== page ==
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BINGHAM, WILLIAM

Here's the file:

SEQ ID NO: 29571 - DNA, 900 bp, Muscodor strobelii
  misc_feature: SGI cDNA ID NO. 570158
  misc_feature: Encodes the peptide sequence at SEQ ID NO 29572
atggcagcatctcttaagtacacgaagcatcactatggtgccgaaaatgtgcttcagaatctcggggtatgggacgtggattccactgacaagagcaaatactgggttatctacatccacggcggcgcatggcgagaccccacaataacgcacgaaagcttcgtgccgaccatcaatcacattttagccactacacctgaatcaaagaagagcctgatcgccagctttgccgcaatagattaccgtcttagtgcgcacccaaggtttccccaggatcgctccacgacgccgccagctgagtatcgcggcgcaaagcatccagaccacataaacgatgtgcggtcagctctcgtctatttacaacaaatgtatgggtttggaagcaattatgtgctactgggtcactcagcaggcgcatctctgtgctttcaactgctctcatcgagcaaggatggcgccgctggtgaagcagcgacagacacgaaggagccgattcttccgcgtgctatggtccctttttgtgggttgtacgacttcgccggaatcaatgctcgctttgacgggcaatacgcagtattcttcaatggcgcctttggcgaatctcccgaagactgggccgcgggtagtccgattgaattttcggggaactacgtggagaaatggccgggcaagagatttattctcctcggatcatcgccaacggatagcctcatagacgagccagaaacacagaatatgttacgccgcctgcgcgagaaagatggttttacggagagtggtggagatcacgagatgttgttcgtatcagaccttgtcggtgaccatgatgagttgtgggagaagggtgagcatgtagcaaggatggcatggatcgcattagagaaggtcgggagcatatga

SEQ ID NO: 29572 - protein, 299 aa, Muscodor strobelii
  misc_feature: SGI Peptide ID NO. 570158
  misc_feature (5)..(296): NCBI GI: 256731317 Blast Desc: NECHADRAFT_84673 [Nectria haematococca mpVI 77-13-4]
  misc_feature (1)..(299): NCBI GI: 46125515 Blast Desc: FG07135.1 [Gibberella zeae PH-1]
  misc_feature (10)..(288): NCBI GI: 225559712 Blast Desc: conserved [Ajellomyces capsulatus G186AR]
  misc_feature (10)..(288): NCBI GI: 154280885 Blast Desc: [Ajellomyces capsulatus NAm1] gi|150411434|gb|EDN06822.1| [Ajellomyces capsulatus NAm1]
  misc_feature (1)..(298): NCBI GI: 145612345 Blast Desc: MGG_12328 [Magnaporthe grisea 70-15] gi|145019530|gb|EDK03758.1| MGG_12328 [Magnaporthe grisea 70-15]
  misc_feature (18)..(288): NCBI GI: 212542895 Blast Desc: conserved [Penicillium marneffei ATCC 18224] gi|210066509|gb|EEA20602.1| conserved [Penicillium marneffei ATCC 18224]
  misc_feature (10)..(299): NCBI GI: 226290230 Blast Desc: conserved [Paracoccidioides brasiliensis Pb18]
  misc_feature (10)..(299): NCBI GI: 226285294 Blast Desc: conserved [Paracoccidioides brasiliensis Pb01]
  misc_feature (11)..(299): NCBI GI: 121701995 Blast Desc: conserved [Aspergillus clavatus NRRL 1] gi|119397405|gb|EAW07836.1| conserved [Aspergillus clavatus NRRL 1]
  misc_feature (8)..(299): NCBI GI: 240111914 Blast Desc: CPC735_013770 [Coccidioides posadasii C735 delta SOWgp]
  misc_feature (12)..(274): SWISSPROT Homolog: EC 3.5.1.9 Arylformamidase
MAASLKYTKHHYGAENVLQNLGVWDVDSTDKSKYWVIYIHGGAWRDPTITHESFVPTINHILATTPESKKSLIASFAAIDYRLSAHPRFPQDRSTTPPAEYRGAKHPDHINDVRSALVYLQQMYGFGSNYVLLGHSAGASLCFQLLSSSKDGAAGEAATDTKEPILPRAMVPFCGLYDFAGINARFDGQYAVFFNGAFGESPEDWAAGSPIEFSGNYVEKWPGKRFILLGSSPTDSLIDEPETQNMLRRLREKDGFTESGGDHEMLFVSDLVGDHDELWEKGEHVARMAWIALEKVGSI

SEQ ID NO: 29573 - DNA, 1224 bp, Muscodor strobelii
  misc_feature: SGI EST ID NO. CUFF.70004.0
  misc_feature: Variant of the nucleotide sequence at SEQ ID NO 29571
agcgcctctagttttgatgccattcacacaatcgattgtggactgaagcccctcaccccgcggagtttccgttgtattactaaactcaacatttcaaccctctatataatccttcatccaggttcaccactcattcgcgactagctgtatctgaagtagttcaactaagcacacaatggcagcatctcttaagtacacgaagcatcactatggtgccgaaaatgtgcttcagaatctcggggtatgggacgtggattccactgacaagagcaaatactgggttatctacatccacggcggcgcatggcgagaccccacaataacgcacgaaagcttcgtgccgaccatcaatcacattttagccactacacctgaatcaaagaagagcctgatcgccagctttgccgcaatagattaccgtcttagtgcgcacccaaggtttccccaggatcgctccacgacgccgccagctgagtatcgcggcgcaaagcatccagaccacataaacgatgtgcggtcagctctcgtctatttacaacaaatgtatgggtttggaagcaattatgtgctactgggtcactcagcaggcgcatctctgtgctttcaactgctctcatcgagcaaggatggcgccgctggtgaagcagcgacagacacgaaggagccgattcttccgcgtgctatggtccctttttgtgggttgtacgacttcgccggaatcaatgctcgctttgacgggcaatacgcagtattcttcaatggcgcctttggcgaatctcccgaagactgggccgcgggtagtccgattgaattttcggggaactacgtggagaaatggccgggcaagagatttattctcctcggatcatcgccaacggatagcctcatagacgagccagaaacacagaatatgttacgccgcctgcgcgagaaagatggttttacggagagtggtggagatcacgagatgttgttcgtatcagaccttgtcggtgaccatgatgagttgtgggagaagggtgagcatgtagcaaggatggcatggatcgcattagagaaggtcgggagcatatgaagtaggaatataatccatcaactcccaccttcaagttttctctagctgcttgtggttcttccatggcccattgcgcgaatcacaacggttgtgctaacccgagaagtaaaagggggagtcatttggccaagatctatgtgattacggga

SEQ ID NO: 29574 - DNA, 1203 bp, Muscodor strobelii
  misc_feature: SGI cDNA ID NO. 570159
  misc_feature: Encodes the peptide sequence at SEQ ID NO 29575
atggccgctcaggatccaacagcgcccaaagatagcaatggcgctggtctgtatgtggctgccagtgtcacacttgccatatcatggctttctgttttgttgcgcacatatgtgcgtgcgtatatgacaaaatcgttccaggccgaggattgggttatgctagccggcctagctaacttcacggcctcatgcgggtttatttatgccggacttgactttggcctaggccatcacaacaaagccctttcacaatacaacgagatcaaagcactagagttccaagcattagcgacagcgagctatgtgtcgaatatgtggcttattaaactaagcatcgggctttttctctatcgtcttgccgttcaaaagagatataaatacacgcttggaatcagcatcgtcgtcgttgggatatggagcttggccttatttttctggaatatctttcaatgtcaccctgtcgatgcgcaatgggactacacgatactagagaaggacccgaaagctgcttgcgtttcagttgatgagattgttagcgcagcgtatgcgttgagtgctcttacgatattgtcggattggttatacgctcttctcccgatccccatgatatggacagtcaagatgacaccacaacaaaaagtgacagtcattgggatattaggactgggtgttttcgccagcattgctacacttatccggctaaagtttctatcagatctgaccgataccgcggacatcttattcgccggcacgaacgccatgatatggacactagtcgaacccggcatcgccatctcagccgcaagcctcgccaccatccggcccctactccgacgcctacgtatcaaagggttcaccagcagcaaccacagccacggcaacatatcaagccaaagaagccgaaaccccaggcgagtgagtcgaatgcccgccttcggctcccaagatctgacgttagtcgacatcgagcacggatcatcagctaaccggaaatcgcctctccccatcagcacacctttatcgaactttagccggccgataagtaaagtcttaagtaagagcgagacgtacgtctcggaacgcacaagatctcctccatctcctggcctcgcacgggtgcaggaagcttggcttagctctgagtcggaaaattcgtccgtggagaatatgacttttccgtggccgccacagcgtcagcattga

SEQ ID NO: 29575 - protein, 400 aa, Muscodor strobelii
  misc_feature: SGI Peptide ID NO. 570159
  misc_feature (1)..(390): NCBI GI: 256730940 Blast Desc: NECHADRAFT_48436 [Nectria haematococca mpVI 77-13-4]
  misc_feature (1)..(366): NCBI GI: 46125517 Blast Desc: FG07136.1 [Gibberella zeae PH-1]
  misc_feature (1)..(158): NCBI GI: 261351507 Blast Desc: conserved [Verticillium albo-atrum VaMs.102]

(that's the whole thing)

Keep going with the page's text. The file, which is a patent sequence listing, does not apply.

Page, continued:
BINGHAM, WILLIAM (9 Mar. 1816-17 Apr. 1904), a prominent Cleveland businessman, was born in Andover, Conn. to Capt. Cyrus and Abigail Foote Bingham. He was educated in Andover and Monson, Mass. schools before coming to Cleveland when he was 20. His father helped him establish a hardware business with GEO. WORTHINGTON, and in 1841 he purchased the firm of Clark & Murfey, organizing it as Wm. Bingham & Co., dealing not only in hardware but also in metals. In 1846-47, Bingham served on CLEVELAND CITY COUNCIL, initiating the establishment of a city waterworks system and supervising construction of the first tunnel into the lake for drinking water. In 1862 he was appointed to the city board of sinking fund trustees. During the CIVIL WAR, he raised volunteers, relieved disabled soldiers and their families, and raised money for the Union. It appears he was considered for the Republican nomination for mayor of Cleveland in 1865 and 1867, but he apparently avoided the honor. In 1873 he was elected senator; and in 1876, Pres. Grant appointed him to the board of Indian commissioners, from which he resigned in 1877, apparently because he had to make good on a defaulted note he had endorsed for a colleague. Bingham was also involved in banking and railroads; and served as the first president of the UNION CLUB (1870). He was a trustee of the Case Library Assoc. and of the FIRST PRESBYTERIAN CHURCH. On 2 Jan. 1843, Bingham married Elizabeth Beardsley. They had 3 children: Caroline Elizabeth, Chas. William, and Cassandra Hersh. Bingham died at his home in Cleveland and was buried in LAKE VIEW CEMETERY.